No matter what training level they’re at, almost everyone wants to move up. Whether you’re a world-class athlete or a first-time 5K runner, you’re probably facing some of the same challenges and roadblocks to improving your fitness level. We sat down with New Balance Fitness Ambassador Holly Perkins to hear about some of the recurring questions and concerns that come up as she trains celebrities, athletes, and civilians, and what to do about them.
Holly’s top questions were:
How can I get the most out of my fitness routine?
Why am I not seeing results?
How can I improve my current fitness level?
Are carbohydrates good or bad for me?
Please help me get rid of this belly fat!
“First, sit down and identify your fitness goals,” says Holly.
For example, do you want to:
- Lose body fat
- Lose weight
- Tone up
- Increase muscle mass
- Improve your overall fitness, shape and ability
We’d all like to achieve all of these goals, but your fitness program should be built around one or two specifically. This will help shape your routine to achieve maximum results.
”I encourage people to always get started a little more slowly, ” Holly explains. “Your body will respond better and faster, because of the hormonal changes, if you start every other day.” Split your strength training and cardiovascular workouts to different exercise days to give your body time to recover. In two to four weeks you will start to see results and improvement toward your chosen goal!
“Emotional improvements happen before your body visibly changes and are just as important motivational factors!”
Recognize your decreased stress level, better energy and more restful sleep. Physical changes will soon appear. Create a workout calendar and/or maintain a log to inspire accountability and track changes.
If you have suddenly stopped seeing improved results, it may be time to adjust your routine and challenge your body in a new way. Choose one or all three of these ways to see more progress:
- Give yourself a recovery week with little or moderate exercise.
- Change the intensity of your workout.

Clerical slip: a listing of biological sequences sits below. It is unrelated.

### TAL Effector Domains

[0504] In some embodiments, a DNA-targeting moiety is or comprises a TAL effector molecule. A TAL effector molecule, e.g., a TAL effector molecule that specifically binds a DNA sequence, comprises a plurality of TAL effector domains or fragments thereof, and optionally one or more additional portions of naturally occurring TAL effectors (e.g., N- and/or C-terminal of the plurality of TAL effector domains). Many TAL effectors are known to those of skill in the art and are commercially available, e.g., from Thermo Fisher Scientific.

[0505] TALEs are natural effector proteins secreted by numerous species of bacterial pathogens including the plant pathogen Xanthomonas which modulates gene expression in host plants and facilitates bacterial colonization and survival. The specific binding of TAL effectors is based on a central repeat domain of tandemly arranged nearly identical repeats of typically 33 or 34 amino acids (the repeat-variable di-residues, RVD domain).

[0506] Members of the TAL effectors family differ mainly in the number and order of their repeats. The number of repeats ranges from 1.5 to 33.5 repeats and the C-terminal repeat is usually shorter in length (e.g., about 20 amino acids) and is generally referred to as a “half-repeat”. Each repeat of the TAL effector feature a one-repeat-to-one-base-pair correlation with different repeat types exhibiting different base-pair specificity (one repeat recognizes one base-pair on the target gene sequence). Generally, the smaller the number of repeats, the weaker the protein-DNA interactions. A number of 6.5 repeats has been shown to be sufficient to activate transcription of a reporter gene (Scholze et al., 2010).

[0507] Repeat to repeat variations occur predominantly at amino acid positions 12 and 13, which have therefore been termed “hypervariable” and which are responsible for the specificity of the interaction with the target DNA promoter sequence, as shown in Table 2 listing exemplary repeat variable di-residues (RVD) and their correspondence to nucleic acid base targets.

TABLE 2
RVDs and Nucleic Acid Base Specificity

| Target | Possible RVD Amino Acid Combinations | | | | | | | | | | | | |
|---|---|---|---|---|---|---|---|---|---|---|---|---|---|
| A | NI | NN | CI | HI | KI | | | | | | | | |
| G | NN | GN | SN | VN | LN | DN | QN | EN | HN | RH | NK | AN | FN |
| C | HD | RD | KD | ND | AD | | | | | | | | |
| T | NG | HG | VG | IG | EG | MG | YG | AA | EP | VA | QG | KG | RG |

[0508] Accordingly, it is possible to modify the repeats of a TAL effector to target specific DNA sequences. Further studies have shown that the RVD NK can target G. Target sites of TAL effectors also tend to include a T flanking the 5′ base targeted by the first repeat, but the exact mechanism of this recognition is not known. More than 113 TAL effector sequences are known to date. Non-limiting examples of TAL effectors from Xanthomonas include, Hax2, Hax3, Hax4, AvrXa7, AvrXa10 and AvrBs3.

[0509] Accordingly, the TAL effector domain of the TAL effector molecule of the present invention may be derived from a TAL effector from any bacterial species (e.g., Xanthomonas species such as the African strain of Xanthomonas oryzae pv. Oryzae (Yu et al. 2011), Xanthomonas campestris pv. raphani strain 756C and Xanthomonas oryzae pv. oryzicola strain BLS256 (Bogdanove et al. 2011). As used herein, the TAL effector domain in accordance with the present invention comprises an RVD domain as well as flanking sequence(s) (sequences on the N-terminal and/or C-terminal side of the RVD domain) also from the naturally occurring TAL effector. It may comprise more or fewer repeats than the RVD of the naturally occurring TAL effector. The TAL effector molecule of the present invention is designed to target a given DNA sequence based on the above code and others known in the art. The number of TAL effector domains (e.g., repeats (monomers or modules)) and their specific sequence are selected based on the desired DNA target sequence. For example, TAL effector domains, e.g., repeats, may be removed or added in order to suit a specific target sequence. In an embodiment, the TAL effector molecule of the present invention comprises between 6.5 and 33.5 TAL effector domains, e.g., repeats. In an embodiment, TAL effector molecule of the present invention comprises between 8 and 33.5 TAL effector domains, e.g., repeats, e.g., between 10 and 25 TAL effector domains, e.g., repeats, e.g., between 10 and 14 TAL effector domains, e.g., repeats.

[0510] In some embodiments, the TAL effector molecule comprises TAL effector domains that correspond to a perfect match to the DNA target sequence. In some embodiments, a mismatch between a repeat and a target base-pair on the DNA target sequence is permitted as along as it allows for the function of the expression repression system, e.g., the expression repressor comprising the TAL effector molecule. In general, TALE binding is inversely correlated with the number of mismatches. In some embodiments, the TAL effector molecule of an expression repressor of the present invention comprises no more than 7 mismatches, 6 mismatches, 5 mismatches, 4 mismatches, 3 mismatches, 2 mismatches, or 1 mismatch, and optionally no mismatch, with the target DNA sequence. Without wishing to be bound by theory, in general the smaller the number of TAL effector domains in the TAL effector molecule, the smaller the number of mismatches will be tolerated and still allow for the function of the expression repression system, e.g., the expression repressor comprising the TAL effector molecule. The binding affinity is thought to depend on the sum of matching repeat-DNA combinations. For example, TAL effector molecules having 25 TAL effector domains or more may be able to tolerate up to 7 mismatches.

- Completely change what you are doing and try something new. Classes are a great way to introduce a new stimulus.
There are two misconceptions that people seem to have regarding fitness:
First, most people think they will wake up one day and be energized and inspired to work out. Your body gets better at whatever you give it. From Holly: “You must embrace a week or two of discomfort – not pain! – so that the body can become better at this activity. Only then will you wake up and desire exercise – because your body is now good at that level of activity.”
Second, you don’t get fit during exercise; you get fit during recovery. During sleep your body responds to that day’s exercise stimulus and rebuilds. The next day you wake up a new body. You must continue applying the stimulus/recovery cycle to keep seeing improved fitness.
“We are fat burning machines at rest and throughout the day, and any increase in heart rate will signal a greater need of carbohydrates.” The problem is that most people eat too many carbs. Your body must have a balanced ratio of macronutrients – ideally around 40% carbohydrates, 30% protein and 30% fat.
“You want to choose lower glycemic carbs, like truly whole grains berries, apples, vegetables and beans.” Check your bread’s list of ingredients for whole grains. You don’t want refined or wheat flour. One slice of bread should have at least two grams of fiber.
“The first thing that must be addressed to remove belly fat is simple weight loss.”
If you need to lose 5-10 pounds, then that’s the cause of your belly fat. Decrease caloric intake and increase caloric expenditure through exercise, and you could see a difference after losing just five pounds!
If you are within a healthy weight range, exercise and eat well, you may have to change your fitness routine or lifestyle one of these ways to trim your belly:
- Try more moderate intensity cardio work. Moderate cardio calls on fat for energy instead of carbohydrates.
- Stick to those ‘good’ carbs. “In basic form, eating ‘bad’ carbs will cause you to store more of your ingested calories as fat! If you eat a lower glycemic carb in substitution of a higher glycemic carb, you will burn more of the ingested calories as fuel! Pretty cool science!“
- Get more quality sleep! Poor and insufficient sleep causes an increase in the hormone cortisol, which causes water retention, belly bloat and facilitates fat storage.
- Reduce alcohol consumption. Alcohol contains almost double the calories per gram compared to other carbohydrates. “You can eat 300 calories of vegetables or 300 calories of alcohol. Because of the digestion mechanism, you will store more of those 300 calories as fat when coming from alcohol!” Aim for no more than two servings of alcohol per week.
More tips and content from Fitness Ambassador Holly Perkins:
- 10 Rules Of Fitness
- Fitness Videos For Every Level, With Exercise TV
- Yes, Pink Ribbon Dreams Do Come True